In 2002, Forte moved from his home state of California to New York City to join “Saturday Night Live” (1975) as a writer and cast member. Although known as shy and reserved in his personal life, Forte was one of the individuals responsible for the shows move to absurd, surrealist comedy. Along with voice-over acting, guest appearances on television and small roles in films, Forte had his biggest opportunities to be a movie star with films he wrote. Forte wrote the screenplay for The Brothers Solomon (2007) (and had the leading role of childlike “Dean Solomon”) and played the title role and co-wrote the SNL film MacGruber (2010). Although both films were given small budgets ($10,000,000 each), the were both considered box-office and critical failures, although they do have a cult following.
After MacGruber’s theatrical release, Forte left SNL for personal and professional reasons, although he has returned as a guest performer. Forte has had a recurring role on the series 30 Rock and made numerous other guest appearances on other TV comedies. Since leaving SNL, he has also increased his work as a voice artist and appeared in 5 movies (A Good Old Fashioned Orgy, Tim and Eric’s Billion Dollar Movie, Rock of Ages, That’s My Boy, and The Watch).
Since 2012, he has moved into dramatic and straight roles on a television pilot titled Rebounding by the producers of Modern Family and Irish film Run and Jump. In August 2012, he was cast (and first choice) in the much anticipated Alexander Payne film Nebraska, despite rumors that higher profile actors such as Casey Affleck and Paul Rudd were interested in the role.

Book Reviews – RockStar Weekly


Please rate this book at this link…

Book Reviews – RockStar Weekly

Terry David Mulligan - Mulligan's Stew: My Life So FarAnyone over the age of 30 should recognize the name Terry David Mulligan as a radio personality somewhere in the country. He’s been around the block in such places as Toronto, Regina, Red Deer and Vancouver; and most currently on CKUA in Alberta as the host of his long-running program Mulligan’s Stew.  If that doesn’t ring a bell, then maybe you’ll remember his friendly face as the host (or VJ) of the national television programs Good Rockin’ Tonite and MuchWest. Either way, Terry has been the one guiding our musical interests since the 60s through his celebrity interviews and love of rock and roll, whether we realized it or not.
In his biography Mulligan’s Stew – My Life So Far, Terry takes us down memory lane during the dawn of a new and exciting musical form called rock and roll. His original calling as a Mountie in Red Deer was for naught as his ears and soul were drawn to the glamour and quick fame of radio and the new music that he wanted to share with his family, friends and listeners.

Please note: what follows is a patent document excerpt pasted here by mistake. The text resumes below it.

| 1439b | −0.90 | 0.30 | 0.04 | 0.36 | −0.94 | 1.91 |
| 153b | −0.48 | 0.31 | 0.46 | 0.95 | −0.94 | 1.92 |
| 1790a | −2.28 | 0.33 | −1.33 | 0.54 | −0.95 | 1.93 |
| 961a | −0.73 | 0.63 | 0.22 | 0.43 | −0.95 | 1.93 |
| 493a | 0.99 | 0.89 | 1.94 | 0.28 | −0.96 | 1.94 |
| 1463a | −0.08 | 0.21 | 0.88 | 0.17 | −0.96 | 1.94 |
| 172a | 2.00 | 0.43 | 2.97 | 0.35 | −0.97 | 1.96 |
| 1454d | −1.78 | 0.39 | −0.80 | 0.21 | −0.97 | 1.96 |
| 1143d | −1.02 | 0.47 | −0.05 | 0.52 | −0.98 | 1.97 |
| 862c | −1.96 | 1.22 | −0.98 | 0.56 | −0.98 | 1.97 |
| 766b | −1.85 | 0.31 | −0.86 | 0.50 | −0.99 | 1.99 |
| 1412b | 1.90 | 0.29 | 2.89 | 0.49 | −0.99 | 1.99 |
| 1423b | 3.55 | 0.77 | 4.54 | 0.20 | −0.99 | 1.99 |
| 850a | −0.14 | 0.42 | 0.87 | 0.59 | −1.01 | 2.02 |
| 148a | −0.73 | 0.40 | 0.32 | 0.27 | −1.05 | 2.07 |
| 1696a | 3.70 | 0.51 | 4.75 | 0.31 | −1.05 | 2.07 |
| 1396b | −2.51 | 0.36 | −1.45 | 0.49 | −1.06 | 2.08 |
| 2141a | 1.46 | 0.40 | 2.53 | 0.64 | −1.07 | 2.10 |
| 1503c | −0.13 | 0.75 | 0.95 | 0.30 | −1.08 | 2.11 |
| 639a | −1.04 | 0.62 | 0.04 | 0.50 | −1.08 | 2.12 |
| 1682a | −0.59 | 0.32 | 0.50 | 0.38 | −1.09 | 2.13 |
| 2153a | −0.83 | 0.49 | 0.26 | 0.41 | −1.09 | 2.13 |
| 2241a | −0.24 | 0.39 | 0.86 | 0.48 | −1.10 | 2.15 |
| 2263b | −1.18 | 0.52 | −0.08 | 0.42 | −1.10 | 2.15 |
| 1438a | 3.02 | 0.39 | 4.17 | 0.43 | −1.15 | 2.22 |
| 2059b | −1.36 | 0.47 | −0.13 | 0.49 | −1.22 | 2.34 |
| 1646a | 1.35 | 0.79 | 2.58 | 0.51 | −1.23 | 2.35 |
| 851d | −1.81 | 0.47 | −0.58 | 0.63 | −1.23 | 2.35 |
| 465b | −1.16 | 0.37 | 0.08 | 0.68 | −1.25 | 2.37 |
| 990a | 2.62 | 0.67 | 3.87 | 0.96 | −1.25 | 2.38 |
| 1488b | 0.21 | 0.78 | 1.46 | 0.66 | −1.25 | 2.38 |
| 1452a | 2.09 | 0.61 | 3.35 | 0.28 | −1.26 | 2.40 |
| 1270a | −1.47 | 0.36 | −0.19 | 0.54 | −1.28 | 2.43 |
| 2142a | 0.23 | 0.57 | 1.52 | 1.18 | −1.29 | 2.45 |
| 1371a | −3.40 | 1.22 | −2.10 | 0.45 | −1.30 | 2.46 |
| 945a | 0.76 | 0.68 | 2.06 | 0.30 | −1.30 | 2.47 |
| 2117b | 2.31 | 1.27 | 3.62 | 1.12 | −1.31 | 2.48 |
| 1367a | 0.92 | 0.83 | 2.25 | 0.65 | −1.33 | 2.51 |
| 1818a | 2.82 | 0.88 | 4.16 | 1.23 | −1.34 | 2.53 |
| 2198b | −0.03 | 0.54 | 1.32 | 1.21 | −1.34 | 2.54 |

I think everyone who has seen him has had a Mulligan Moment – one of those unforgettable moments when an interview captured our attention and stayed with us through the years. My Mulligan Moment came when Terry was hosting Good Rockin’ Tonite in the 80s and his guest for the show was KISS leader Paul Stanley, who offered his sunglasses to a viewer during the interview. I never did get the glasses, but it was a moment this young KISS fan remembers well.
Mulligan’s Stew is a well written and compelling read that sheds some insight not only on Terry’s life, but also early glimpses of Janis Joplin, Jim Morrison, Jimi Hendrix, Bryan Adams and The Guess Who. The chatty writing style gives the book a bit of a personal feel and at times can feel like you’re there having a coffee hearing all these great brushes with the famous.
One of the highlights of the book happens in Vancouver in the late 60s at the height of the Summer of Love, which includes endless music festivals highlighted by an interview with Jimi Hendrix and shopping on Davie Street with Jim Morrison, who was looking for early Hemingway books and Beatle boots. Vancouver would never been the same, especially once Hendrix, Morrison and Joplin passed away within months of each other.
It’s also a good account of some of Canada’s early FM radio moments as stations learned to develop their own style in a new and quickly evolving medium. And like any good DJ in Canada, he’s seen it all and hit the airwaves across the country on several stations during his career.
Mulligan’s Stew is a must have for Canadian music fans. The accounts of early Guess Who and Bryan Adams are worth the cover price alone – especially the Guess Who’s failed attempt at a 1967 tour beginning in London.
Not as personal and in depth as other biographies, Terry mostly skips discussing his early personal life, and instead jumps right into the Mountie years and the music. There are some personal and intimate moments scattered throughout, but this book is mostly about the public side of the DJ, VJ and actor that has been a part of our lives for about 50 years.